William IV

Also found in: Dictionary, Thesaurus, Wikipedia.
Related to William IV: William III, George III, George IV

William IV,

1765–1837, king of Great Britain and Ireland (1830–37), third son of George III. He went to sea in 1779, served under Admiral George Rodney in action off Cape St. Vincent (1780), and by 1786 was a captain. William became duke of Clarence in 1789 and was advanced by 1799 to the rank of admiral, but he saw little active service after 1790. Meanwhile in the House of Lords he opposed the antislavery movement and supported the extravagances of his oldest brother (later George IV). About 1791 he formed a liaison with Mrs. Jordan, an actress, with whom he lived for over 20 years. He married (1818) Adelaide, daughter of the duke of Saxe-Meiningen, and on the death (1827) of the duke of York, second son of George III, he became heir presumptive to the throne. Made lord high admiral in 1827, he tried to run naval affairs without his council, contrary to law, and was forced to resign (1828). In 1830 he succeeded George IV as king. His most important public act was his promise, given most reluctantly, to the 2d Earl GreyGrey, Charles Grey, 2d Earl,
1764–1845, British statesman. Elected to Parliament in 1786, he was one of those appointed to manage the impeachment of Warren Hastings.
..... Click the link for more information.
 that he would, if necessary, create enough Whig peers to pass the Reform Bill of 1832 (see under Reform ActsReform Acts
or Reform Bills,
in British history, name given to three major measures that liberalized representation in Parliament in the 19th cent. Representation of the counties and boroughs in the House of Commons had not, except for the effects of parliamentary
..... Click the link for more information.
). This bill and such reforms as the education act, the new poor law, the municipal corporations act, and the abolition of slavery in the empire marked his reign, but he maintained the generally passive attitude toward politics formed during his many years as younger son and later younger brother of the king. Political leadership was left to the duke of WellingtonWellington, Arthur Wellesley, 1st duke of,
1769–1852, British soldier and statesman. Military Achievements
..... Click the link for more information.
, Earl Grey, Viscount MelbourneMelbourne, William Lamb, 2d Viscount
, 1779–1848, British statesman. He entered Parliament as a Whig in 1805, was (1827–28) chief secretary for Ireland, and entered (1828) the House of Lords on the death of
..... Click the link for more information.
, and Sir Robert PeelPeel, Sir Robert,
1788–1850, British statesman. The son of a rich cotton manufacturer, whose baronetcy he inherited in 1830, Peel entered Parliament as a Tory in 1809.
..... Click the link for more information.
. Good-natured but eccentric and given to ill-considered public utterances, William was only moderately popular. He was succeeded by his niece, Victoria.


See biographies by W. G. Allen (1960) and P. Ziegler (1971).

The Columbia Electronic Encyclopedia™ Copyright © 2013, Columbia University Press. Licensed from Columbia University Press. All rights reserved. www.cc.columbia.edu/cu/cup/

William IV

known as the Sailor King. 1765--1837, king of the United Kingdom and of Hanover (1830--37), succeeding his brother George IV; the third son of George III
Collins Discovery Encyclopedia, 1st edition © HarperCollins Publishers 2005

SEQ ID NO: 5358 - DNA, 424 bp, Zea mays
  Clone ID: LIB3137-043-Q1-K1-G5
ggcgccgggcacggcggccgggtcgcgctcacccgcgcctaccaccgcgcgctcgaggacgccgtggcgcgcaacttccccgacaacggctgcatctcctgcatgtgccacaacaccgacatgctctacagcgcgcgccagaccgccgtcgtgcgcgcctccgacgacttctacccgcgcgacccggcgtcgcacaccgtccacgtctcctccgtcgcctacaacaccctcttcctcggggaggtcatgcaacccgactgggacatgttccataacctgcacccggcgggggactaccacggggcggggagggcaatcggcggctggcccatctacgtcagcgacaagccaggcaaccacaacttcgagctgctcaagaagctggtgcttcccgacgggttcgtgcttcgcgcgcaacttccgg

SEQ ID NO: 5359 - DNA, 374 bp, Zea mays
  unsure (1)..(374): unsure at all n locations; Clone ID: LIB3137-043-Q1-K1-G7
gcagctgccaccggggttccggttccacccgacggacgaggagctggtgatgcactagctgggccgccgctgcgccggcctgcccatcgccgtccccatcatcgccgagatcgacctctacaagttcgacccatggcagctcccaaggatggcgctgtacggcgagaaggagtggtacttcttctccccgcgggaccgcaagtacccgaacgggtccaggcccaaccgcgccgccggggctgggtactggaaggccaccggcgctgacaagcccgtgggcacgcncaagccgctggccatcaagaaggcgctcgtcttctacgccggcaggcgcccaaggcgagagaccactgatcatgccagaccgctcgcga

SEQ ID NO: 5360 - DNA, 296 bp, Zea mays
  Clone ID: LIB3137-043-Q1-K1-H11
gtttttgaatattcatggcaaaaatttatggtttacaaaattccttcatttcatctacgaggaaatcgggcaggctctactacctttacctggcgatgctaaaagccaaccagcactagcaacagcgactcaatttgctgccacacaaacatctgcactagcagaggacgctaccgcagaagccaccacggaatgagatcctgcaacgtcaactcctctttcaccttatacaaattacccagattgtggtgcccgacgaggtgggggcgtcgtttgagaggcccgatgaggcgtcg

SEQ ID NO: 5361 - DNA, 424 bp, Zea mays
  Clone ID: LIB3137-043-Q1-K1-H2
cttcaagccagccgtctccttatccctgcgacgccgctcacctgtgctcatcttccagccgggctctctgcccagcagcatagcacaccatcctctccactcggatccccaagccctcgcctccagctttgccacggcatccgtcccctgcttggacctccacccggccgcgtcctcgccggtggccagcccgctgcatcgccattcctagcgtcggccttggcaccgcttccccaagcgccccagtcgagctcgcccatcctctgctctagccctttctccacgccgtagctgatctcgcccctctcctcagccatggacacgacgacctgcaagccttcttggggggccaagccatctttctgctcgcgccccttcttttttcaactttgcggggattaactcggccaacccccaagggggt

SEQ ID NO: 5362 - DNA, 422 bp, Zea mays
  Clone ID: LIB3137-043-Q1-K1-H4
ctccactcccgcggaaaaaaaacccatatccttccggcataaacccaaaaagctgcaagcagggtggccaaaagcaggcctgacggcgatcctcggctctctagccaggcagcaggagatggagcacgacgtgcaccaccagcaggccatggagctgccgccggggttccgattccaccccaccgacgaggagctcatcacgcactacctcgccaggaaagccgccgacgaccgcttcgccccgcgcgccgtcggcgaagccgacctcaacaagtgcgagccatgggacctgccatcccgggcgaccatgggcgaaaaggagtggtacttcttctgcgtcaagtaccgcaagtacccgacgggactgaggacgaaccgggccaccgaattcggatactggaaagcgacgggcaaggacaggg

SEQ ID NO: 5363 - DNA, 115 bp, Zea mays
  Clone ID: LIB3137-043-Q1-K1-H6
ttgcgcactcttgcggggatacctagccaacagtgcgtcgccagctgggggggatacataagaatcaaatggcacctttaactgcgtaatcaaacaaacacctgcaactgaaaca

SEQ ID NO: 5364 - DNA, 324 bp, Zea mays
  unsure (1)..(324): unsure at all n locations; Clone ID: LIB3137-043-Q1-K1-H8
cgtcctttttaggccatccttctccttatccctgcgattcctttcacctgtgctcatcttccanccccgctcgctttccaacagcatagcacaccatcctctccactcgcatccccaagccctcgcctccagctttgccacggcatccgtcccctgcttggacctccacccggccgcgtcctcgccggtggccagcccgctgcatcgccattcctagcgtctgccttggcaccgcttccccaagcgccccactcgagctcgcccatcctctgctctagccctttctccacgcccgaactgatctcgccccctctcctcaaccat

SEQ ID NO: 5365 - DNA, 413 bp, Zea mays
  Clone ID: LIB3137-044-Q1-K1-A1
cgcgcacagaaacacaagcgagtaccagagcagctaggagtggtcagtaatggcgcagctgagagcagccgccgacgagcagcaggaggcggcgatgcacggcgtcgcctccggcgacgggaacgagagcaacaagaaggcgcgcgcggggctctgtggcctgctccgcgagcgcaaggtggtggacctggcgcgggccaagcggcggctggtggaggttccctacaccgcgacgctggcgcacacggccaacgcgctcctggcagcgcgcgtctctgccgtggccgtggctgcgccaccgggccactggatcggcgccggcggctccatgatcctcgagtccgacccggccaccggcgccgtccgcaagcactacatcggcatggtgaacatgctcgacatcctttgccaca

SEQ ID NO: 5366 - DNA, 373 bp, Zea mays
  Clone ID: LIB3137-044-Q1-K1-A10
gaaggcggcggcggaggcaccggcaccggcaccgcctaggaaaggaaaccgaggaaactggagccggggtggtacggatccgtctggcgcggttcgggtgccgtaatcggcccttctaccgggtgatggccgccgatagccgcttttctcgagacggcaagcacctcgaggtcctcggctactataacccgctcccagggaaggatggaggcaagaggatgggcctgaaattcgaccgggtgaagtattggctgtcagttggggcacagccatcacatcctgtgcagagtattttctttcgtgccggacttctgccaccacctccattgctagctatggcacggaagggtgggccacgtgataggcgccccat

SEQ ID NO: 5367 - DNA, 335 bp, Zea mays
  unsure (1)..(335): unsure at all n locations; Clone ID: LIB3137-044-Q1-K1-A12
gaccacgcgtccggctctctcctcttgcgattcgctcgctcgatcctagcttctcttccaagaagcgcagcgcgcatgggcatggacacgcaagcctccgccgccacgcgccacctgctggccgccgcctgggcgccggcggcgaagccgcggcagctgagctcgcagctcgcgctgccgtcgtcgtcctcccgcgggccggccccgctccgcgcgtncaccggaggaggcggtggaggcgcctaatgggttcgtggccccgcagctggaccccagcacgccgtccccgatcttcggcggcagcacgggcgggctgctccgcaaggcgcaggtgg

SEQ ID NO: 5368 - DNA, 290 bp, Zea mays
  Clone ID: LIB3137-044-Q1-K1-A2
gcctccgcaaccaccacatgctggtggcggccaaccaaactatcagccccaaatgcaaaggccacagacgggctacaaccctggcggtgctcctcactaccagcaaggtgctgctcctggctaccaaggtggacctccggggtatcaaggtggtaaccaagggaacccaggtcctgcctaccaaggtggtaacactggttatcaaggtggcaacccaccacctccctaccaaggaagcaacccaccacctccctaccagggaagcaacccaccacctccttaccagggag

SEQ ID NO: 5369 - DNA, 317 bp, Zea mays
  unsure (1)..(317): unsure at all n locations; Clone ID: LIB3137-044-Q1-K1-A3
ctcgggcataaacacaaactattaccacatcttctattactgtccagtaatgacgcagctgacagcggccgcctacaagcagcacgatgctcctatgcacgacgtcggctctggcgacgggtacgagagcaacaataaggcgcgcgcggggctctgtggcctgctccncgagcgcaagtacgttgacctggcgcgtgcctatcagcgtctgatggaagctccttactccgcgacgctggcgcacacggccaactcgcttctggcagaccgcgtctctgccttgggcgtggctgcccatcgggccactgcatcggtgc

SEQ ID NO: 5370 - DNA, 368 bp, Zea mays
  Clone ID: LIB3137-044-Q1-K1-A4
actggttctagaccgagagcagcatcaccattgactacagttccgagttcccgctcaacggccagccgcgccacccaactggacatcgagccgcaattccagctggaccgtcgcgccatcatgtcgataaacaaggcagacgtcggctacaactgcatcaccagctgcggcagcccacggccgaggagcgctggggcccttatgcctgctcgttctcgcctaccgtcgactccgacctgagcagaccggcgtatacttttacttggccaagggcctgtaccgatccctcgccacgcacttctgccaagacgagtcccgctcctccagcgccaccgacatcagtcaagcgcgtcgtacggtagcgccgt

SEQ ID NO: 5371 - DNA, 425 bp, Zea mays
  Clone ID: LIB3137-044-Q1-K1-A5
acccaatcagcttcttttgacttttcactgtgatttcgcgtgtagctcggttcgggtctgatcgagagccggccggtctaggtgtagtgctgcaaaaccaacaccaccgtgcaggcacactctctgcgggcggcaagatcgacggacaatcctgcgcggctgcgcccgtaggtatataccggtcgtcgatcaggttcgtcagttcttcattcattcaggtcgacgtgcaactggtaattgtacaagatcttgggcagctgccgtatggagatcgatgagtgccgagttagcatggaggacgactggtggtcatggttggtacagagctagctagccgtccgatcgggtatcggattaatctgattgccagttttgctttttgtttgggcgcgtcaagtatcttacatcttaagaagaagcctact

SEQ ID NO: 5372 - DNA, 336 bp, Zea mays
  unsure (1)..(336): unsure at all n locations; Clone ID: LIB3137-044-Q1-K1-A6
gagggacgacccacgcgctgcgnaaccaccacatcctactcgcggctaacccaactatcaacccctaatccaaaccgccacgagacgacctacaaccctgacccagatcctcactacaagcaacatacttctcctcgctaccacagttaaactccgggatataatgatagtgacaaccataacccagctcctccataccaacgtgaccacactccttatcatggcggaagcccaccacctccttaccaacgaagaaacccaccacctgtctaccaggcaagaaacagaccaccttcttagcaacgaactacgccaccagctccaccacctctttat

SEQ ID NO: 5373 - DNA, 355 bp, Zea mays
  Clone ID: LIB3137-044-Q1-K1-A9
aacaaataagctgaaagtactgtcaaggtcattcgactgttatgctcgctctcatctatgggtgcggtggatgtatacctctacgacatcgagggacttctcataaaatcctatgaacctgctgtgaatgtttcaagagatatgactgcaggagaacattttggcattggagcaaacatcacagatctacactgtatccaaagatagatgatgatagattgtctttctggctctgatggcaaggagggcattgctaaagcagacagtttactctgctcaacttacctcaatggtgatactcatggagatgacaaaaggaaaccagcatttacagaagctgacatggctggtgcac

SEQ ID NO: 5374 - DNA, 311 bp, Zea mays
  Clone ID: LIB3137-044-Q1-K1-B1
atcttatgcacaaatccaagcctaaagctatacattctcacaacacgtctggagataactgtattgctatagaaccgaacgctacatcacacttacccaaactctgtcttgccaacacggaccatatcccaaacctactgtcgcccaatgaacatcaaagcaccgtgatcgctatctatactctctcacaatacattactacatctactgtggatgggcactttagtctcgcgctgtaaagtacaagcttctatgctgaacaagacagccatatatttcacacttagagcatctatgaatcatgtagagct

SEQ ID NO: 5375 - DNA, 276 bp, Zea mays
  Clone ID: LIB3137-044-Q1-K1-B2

References in periodicals archive ?
Today, as Ayla Lepine wrote in an article published in the February 2015 issue of Apollo, 'Victorian art's appeal is no longer questionable.' So Furst's objections to the William IV tea service are a reflection of his own age's partisanship rather than necessarily representing sound aesthetic judgement.
Could it be because William IV was the last monarch to appoint a PM against the will of Parliament?
This seaside residence, built for King George IV, was also used by his brother William IV and their niece Queen Victoria.
Local historian Blomfield keeps close track of those whose elite status, however temporary, allowed them to live surrounded by the beauty of Kew, giving glimpses into the sweet nature and sad illness of George III and the generosity of William IV. He also makes sure the voices are heard of those who served the mighty, worked the fields beside the Thames and the ferries that crossed it, and eventually welcomed the thousands seeking a glimpse at the world-famous gardens.
The others are Henry VI, Henry VIII, Charles I, George III, George IV, William IV, Edward VII, George V and George VI.
The Victorian architect of the square, Charles Barry, intended to erect equestrian statues to the most recently deceased British kings, George IV and William IV, on a matching pair of large plinths at the north end, near the National Gallery.
Since the two most productive Hohenzollern (as far as churches are concerned) are Frederic William IV (r.1840-61) and William II (r.1888-1918) these two monarchs are treated in two major chapters of the book (pp.
Influenced by the writings of Victor Hugo, these early poems were characterized by vividly imaginative and evocative exotic scenes and by technical virtuosity; they won him a pension from the Prussian king Frederick William IV. His views became increasingly radical, however, and he renounced the pension upon the publication of his collection of political poems Glaubensbekenntnis (1844; "Statement of Conscience").
On June 26, 1830, George IV of Great Britain died and was succeeded by his brother, who reigned as William IV (1765-1837).
1837: William IV (the Sailor King) died at Windsor, and his niece Alexandrine Victoria, aged 18, came to the throne.
William IV, third child of George III, had a career in the Navy before succeeding older his brother George IV as king.